When Jules James (Amanda Peet) - the owner of a rust-belt minor league team called The Morristown Frackers persuades a jaded and jittery Brockmire to move to town to become the voice of the team, he reluctantly agrees.

As Brockmire attempts to rebuild his career, he is haunted by the trail of destruction left in his wake which intensifies his drug and alcohol use. A series of flashbacks clarify the narrative as we see Brockmire’s life further spiraling out of control in the present.

Season three finds Brockmire confronting a few demons while attempting to put his life in order. In addition to Gus, he has a new broadcast partner in Tawny Newsome’s Gabby Taylor and an AA sponsor in Martha Plimpton as Shirley.

Hank Azaria is astoundingly good in the role of Brockmire. Richard Kind was there when Azaria created the character nearly 30 years ago.

“The character of Brockmire used to be a bit that Hank would do as were sitting around a poker table or having lunch somewhere,” Kind said during an interview. “It was hilarious. What amazes me is what started as a joke has evolved into this character with such depth and true human problems, but on the surface, he uses this gimmicky play-by-play announcer voice.”

Brockmire’s melodious voice never changes. Whether he’s calling a game, making love, delivering another carefully-worded diatribe to fans in the stands or killing another bottle at the town’s main bar (also owned by Peet’s character), he punches every sentence with the inflection of a classically-trained broadcaster.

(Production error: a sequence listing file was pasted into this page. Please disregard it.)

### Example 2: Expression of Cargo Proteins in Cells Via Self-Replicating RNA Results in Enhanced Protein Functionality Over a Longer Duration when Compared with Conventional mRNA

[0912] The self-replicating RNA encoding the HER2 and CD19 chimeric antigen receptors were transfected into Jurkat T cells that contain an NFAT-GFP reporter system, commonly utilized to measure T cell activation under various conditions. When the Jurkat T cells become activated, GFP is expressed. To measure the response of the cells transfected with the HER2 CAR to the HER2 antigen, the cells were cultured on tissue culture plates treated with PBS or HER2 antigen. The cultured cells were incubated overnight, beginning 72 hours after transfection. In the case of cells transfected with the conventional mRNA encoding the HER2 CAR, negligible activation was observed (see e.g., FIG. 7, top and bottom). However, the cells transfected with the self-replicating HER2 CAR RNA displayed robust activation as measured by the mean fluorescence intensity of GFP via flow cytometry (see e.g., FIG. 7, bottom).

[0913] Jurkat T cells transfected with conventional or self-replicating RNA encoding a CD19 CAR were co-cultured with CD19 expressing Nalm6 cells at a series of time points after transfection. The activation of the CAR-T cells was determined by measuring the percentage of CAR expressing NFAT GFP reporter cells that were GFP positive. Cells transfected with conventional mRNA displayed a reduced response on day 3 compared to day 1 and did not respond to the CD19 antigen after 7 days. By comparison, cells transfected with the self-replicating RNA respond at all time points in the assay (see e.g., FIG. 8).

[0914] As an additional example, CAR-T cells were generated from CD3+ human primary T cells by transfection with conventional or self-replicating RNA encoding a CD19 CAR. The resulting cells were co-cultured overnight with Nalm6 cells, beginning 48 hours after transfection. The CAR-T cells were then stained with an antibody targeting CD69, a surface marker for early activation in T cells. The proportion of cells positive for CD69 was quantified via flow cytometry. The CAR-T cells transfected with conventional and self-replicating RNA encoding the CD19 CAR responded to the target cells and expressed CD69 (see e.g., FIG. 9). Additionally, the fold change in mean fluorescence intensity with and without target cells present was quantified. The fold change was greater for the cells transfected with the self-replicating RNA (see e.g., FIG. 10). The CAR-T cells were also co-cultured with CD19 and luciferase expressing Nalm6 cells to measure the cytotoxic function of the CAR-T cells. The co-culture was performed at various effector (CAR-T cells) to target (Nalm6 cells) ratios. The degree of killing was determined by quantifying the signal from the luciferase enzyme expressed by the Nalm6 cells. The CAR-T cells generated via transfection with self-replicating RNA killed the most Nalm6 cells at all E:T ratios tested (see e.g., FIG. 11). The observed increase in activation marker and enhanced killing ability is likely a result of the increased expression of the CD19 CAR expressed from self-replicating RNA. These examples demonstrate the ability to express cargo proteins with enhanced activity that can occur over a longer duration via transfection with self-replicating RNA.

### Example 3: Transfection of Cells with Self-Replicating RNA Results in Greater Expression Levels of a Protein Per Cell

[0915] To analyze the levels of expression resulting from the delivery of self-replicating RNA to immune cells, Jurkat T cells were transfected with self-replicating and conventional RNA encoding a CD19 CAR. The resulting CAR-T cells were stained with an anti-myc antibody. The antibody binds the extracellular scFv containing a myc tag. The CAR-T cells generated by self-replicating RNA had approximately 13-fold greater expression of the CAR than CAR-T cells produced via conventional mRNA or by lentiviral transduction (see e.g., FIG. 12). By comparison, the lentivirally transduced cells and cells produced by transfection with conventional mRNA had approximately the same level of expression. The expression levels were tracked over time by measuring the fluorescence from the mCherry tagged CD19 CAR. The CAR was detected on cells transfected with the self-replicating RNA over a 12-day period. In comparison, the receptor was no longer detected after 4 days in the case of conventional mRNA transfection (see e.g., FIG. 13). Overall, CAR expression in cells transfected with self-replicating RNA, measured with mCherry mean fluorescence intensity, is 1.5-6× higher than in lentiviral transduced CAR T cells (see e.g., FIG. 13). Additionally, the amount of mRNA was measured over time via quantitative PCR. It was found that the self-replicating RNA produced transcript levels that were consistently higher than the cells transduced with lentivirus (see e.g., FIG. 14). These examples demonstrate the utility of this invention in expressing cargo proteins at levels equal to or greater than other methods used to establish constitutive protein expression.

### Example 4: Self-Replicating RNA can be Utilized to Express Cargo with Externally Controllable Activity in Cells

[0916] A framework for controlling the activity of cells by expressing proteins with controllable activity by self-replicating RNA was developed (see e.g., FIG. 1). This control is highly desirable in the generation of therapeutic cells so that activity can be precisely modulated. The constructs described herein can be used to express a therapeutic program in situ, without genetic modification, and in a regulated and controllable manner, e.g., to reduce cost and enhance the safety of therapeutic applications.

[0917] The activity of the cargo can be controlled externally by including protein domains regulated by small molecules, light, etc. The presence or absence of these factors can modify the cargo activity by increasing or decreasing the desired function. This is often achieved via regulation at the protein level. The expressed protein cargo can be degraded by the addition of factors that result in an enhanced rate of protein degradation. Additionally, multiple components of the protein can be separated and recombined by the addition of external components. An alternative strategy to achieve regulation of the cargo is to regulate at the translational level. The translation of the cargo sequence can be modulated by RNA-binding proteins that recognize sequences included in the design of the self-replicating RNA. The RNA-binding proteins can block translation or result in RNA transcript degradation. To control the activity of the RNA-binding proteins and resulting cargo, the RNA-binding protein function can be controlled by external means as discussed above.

Of his character, Gus, Richard Kind says he’s there to drive Brockmire nuts.

“Normally I play very annoying characters, but Gus isn’t really that way. He’s just very laid back. My character is very simple. He’s calm. I call it ‘water off a duck’s back.’ Hank’s character on the other hand is very manic and all over the place.”

During my interview with Kind, I admitted my cluelessness regarding sports. My fondness for “Brockmire” proved his theory that sports fandom is not a prerequisite for appreciating the show.  

“I’m so happy to hear that you’re not a sports fan but you still like the show. I believe the show caters to anyone who wants to listen. It’s a very interesting character that Hank has created. Believe me, I’m just parsley on a plate of meat and potatoes served up by Hank.”

My only wish, I told Kind, is that the show would produce more than eight episodes per season. “My accountant feels the same way,” he said, with perfect timing.

Since I had him on the phone, I asked Kind if he had plans to reprise his role as Dr. Mark Devanow on the soon-to-be rebooted “Mad About You,” set to return to air later in 2019, 20 years after airing its last original episode.

“I have been asked and I hope they come to fruition,” he responded, before adding a mysterious clue in connection to another show set to sign off on May 16. I’ll leave it to you to decipher its significance.

“I think the world of Paul (Reiser) and Helen (Hunt), and also John Pankow (Ira Buchman) and Leila Kenzie (Fran Devanow), whom I haven’t seen in ages. These are old friends. I live in New York now, so I don’t get to see them as much. I do hope it comes back with a big bang – and I choose those words specifically.”